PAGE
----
The Berowra Valley National Park is a protected national park that is located in northern Sydney, New South Wales, Australia. The 3,884-hectare (9,600-acre) national park is situated approximately 20 kilometres (12 mi) north-west of the Sydney central business district. Located within the Sydney Basin, the park is part of the dissected Hornsby Plateau which is dominated by Hawkesbury Sandstone and predominately covers the catchment area of Berowra Creek.

A contiguous stretch of parkland, from south to north, its southern boundary is defined by Boundary Road, Pennant Hills; its south–eastern boundary defined by the western limits of Hornsby; its north–eastern boundary defined by the Pacific Motorway; its northern boundary defined by Berowra Waters; and its western boundary defined by a series of creek and gullies as the park extends into Galston Gorge and further south.

A 25-kilometre (16 mi) stretch of the Great North Walk is located within the national park.


In the local indigenous language the word Berowra means a "place of many winds".[2]


Part of the park originally formed as a the Elouera Bushland Natural Park which was reserved in 1964 and consisted of 640 hectares (1,600 acres). Additional lands were acquired and the park was gazetted as Reserve No. 100092 for public recreation and the study and preservation of native flora and fauna in 1987. This gazettal was in response to increasing community concern over the development of bushland areas in the Hornsby Shire. The park then came to be known as Berowra Valley Bushland Park. Further land additions were made to the park, which was gazetted as Berowra Valley Regional Park on 27 March 1998,[3] and was gazetted as a national park in September 2012.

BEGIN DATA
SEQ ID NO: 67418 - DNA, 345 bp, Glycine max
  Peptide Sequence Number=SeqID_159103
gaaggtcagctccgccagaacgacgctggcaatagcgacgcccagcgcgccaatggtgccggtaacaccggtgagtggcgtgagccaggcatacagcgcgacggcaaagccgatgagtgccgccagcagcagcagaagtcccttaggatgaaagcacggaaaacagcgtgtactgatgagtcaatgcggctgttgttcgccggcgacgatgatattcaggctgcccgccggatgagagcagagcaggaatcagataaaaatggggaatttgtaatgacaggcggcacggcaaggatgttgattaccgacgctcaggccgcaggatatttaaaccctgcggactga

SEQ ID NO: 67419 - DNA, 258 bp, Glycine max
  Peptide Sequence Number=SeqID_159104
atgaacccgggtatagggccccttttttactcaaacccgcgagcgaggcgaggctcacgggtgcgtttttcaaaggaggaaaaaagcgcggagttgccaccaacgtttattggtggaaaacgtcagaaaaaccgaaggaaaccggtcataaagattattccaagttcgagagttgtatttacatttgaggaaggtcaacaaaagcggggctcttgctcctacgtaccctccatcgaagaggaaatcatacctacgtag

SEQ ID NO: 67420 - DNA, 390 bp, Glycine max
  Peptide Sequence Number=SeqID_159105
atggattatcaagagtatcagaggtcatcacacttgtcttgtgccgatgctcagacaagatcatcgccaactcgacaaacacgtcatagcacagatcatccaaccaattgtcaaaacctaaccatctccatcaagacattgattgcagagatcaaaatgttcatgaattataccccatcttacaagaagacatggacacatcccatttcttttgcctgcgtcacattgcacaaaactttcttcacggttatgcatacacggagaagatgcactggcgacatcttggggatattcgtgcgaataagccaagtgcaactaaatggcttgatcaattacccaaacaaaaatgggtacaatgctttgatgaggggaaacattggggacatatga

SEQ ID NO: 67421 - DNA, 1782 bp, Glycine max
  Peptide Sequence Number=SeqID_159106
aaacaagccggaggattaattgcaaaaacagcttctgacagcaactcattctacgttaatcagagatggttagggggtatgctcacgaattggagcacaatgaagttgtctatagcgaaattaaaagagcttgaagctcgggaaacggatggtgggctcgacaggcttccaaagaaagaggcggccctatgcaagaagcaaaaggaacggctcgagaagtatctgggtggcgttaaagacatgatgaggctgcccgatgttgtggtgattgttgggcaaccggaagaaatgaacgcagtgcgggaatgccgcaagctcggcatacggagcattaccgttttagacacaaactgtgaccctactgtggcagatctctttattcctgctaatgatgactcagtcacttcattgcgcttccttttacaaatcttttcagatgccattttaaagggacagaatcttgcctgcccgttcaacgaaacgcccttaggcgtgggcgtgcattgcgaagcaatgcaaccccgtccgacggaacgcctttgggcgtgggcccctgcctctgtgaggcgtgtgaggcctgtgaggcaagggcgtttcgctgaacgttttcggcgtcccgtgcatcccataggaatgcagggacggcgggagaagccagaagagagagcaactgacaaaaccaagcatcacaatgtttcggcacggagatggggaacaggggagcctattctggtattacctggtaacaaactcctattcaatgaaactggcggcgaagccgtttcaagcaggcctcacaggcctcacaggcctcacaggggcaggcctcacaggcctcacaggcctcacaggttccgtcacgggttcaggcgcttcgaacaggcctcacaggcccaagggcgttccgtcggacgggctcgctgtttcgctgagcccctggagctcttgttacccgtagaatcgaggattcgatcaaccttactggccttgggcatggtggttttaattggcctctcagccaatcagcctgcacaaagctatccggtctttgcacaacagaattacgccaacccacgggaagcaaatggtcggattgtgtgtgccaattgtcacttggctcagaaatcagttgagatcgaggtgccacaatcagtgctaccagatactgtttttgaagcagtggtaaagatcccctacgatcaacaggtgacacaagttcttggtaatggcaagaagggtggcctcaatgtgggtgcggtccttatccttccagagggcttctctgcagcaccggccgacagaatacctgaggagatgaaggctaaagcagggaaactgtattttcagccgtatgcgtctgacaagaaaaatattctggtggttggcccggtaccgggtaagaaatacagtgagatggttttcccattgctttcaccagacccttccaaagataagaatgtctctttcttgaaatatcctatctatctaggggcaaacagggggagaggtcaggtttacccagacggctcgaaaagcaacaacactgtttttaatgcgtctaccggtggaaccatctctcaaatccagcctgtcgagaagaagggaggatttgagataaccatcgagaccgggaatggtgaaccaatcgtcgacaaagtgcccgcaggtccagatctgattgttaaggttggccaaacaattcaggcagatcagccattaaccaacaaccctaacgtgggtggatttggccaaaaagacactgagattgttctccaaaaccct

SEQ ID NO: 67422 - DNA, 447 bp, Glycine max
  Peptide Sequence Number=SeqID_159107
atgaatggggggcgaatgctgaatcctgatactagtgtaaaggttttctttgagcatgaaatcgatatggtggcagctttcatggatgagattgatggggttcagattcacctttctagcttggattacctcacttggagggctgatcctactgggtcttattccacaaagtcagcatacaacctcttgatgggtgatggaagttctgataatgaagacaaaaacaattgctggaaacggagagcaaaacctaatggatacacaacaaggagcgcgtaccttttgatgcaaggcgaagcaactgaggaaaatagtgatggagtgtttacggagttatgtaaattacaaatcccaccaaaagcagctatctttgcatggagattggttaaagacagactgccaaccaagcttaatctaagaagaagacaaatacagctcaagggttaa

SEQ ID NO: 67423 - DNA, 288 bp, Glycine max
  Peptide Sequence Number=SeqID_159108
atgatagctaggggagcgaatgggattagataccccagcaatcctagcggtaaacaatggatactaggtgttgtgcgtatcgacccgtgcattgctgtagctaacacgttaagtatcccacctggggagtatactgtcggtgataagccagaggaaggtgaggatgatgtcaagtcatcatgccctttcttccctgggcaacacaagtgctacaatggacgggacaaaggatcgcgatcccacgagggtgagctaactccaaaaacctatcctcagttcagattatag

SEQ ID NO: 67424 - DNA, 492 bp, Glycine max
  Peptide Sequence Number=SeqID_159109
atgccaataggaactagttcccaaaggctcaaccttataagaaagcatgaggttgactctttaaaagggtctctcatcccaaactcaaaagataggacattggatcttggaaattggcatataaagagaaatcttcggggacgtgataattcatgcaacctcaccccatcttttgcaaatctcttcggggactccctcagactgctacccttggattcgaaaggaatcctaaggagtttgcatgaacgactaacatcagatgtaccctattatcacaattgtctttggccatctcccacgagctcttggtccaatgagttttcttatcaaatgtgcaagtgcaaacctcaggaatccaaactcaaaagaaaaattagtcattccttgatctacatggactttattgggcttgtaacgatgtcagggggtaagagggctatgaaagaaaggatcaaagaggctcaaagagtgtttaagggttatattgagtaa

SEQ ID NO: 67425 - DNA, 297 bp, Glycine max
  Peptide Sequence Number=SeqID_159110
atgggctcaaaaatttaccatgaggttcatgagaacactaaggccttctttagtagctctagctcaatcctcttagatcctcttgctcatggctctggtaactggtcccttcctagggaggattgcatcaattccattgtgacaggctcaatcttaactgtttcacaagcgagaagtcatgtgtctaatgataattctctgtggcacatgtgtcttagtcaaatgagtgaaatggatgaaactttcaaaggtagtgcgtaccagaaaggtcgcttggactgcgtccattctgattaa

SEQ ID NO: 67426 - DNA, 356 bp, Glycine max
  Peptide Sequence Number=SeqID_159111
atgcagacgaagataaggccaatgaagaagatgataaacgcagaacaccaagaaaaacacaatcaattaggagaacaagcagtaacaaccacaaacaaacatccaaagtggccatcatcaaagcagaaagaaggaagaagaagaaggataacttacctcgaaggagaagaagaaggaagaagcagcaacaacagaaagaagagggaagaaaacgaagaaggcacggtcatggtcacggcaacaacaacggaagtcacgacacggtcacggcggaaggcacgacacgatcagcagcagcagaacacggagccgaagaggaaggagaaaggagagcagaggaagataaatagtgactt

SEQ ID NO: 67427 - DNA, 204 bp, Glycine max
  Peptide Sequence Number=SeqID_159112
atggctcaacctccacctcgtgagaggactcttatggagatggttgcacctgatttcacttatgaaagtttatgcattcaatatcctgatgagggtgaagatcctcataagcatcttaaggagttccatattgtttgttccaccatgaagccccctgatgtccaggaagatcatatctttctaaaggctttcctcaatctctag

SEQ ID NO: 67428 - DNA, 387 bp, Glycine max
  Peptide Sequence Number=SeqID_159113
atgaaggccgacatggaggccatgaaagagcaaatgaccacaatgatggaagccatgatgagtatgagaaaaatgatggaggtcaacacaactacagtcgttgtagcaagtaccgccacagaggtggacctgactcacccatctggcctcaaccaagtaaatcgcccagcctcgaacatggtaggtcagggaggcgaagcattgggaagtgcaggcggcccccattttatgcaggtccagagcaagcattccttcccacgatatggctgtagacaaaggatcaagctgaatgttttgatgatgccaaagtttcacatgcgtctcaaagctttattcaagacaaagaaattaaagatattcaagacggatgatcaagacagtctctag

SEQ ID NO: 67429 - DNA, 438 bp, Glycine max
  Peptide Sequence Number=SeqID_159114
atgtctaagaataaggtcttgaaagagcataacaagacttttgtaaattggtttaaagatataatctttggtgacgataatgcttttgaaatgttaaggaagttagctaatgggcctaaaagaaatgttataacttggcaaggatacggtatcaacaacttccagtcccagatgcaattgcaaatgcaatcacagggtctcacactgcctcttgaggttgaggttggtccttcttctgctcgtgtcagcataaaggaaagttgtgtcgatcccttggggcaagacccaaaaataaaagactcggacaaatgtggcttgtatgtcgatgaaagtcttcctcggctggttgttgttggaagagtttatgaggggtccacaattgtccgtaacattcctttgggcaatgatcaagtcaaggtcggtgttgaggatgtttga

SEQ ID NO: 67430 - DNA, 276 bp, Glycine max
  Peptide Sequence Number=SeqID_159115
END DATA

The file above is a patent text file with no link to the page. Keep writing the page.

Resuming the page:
On 27 January 2013 a man was found alive in the park after spending 9 weeks being lost. He survived one of Australia's worst heatwaves during which daytime temperatures reached more than 45 degrees, surviving on water and food he had brought with him.[4]

See also


  1. ^ a b "Berowra Valley National Park: Park management". Office of Environment & Heritage. Government of New South Wales. Retrieved 11 October 2014.
  2. ^ "Berowra Valley Regional Park". Geographical Names Register (GNR) of NSW. Geographical Names Board of New South Wales. Retrieved 11 October 2014. Edit this at Wikidata
  3. ^ "Berowra Valley Regional Park: Plan of management" (PDF). NSW National Parks & Wildlife Service (PDF). Government of New South Wales. 27 April 2005. ISBN 1-74122-058-0. Retrieved 11 October 2014.
  4. ^ "How Matt survived a nine-week nightmare ', Herald Post (Australia), January 28, 2013.

External links